Title Insurance Companies
Title insurance companies are the entities that actually issue the title insurance policy. In most states title insurers are regulated and generally required to establish and maintain insurance underwriting guidelines and pricing in accordance with state-specific rules and regulations. Most title insurance companies work with consumers through title agencies and attorneys. Some will work with consumers directly, and are often able to offer more competitive pricing.
How do I shop for title insurance and how much does it cost?
Title insurance costs vary on a state-by-state basis. Some states set rates and all insurers are required to offer them uniformly in that state, while other states allow insurers to set their own rates. There may be significant savings, up to hundreds or even thousands of dollars, available to you that you can identify by shopping.
The price of a title insurance policy is generally based on the size of the transaction and the amount of coverage purchased. For an owner’s title insurance policy, it is common to purchase a policy with a coverage amount equal to the purchase price of the property. For a lender’s title insurance policy the coverage amount of the policy is usually equal to the amount of the loan.
We recommend that you start your search on tridster.com to get cost estimates for title insurance and settlement services in seconds for the states we work in.
How does the process work once I’ve chosen a provider?
Once you identify the provider you wish to work with, you will need to let the right people know.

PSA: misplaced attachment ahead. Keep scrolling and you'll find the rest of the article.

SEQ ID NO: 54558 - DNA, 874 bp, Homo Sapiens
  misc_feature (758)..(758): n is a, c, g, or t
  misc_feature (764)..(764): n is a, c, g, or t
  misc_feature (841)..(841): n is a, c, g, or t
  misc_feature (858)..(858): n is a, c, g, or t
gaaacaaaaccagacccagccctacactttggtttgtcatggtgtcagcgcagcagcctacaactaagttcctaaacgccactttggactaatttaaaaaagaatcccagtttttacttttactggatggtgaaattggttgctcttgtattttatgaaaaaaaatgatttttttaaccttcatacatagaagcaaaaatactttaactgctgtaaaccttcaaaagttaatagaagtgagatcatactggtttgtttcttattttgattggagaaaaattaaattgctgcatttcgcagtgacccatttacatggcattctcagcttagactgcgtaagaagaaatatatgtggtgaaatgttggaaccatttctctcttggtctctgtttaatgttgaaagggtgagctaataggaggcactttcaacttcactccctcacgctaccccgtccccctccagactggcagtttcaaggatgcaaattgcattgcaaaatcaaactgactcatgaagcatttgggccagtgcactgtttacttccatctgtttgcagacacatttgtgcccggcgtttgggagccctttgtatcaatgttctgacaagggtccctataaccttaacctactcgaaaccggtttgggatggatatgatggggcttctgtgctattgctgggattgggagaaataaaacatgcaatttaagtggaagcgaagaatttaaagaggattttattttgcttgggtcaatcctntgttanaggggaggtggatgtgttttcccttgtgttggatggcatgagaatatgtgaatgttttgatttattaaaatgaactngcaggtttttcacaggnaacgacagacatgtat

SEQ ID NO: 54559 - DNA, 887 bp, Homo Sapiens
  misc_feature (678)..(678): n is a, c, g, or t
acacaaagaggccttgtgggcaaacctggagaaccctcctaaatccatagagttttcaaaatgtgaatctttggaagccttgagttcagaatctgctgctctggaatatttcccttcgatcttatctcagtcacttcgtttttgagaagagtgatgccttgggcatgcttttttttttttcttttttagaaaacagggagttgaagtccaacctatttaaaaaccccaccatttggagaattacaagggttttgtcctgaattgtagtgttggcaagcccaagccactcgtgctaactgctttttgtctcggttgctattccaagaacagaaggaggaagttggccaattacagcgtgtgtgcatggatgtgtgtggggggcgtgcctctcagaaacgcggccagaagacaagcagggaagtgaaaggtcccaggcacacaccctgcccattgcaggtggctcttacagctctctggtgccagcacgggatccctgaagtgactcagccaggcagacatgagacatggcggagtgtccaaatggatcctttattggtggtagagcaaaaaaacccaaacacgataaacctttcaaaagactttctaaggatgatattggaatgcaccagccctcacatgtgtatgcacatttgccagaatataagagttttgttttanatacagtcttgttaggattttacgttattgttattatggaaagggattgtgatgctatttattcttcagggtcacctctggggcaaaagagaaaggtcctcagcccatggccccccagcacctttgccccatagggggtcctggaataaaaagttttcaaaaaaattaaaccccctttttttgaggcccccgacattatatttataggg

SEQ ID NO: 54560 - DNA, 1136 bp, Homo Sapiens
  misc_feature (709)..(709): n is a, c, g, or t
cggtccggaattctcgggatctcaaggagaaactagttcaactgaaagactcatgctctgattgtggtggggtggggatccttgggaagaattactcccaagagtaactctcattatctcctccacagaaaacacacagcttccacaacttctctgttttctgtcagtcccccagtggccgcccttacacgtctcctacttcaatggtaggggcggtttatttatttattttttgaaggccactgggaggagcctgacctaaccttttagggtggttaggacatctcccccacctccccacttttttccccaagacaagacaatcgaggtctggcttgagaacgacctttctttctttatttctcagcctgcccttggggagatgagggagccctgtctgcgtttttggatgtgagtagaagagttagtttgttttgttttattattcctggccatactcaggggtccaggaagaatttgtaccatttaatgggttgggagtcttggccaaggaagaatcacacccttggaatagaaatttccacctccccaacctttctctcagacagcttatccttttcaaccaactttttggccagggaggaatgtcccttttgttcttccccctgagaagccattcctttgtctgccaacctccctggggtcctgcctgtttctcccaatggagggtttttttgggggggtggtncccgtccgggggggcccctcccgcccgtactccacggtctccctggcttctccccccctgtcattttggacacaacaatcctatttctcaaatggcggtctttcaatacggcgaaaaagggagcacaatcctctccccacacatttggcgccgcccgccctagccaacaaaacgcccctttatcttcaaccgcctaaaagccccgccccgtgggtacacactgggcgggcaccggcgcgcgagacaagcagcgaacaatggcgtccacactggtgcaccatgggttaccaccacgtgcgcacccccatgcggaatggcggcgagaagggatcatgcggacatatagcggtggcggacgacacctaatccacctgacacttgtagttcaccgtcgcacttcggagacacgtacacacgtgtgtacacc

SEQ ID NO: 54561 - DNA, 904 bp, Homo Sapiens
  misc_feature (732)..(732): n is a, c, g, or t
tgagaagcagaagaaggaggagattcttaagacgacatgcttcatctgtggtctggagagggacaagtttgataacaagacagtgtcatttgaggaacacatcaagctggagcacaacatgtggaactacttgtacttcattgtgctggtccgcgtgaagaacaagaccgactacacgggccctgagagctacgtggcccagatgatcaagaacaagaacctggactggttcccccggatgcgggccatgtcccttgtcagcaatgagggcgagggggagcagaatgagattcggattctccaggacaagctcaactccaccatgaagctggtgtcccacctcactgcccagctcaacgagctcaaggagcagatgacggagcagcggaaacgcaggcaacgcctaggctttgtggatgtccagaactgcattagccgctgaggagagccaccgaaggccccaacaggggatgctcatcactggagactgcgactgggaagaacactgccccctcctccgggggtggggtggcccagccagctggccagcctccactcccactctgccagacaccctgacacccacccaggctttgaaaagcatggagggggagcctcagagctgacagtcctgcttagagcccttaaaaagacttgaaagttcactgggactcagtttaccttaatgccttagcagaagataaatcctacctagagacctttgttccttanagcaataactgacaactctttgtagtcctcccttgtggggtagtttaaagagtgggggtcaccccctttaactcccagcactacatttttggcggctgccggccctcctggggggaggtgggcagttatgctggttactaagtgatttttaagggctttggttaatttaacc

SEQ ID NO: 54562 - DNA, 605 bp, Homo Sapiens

In the case of a purchase, you should initiate the order with the title insurance provider of your choice and let your real estate agent and lender know.
In the case of a refinance, you should notify both the title insurance company you choose as well as the lender you're working with. Ultimately, the lender will initiate a title order with the title company, officially starting the process.
Making a claim if title issues come up
Most homeowners do not run into issues with the title to their properties. However, issues can and do arise. If you're going to encounter a problem, it's typically i) when you are trying to conduct a transaction related to your property, like refinancing, and your action is impeded by a title issue, or ii) when someone makes a claim against you or the property.
What to do if you become aware of a title issue?
If you experience a problem with the title to your property, you should review your title insurance policy and take any required action in a timely fashion. If you aren’t able to locate a copy, the title provider who handled your transaction should be able to provide you with a copy. The title insurance policy will include instructions regarding the filing of claims that you should review and follow carefully. Depending on the nature of the problem you may want to consult an attorney who is experienced with property title matters for advice. You may also wish to contact your title insurance company and explain to them what you have learned and the nature of the problem.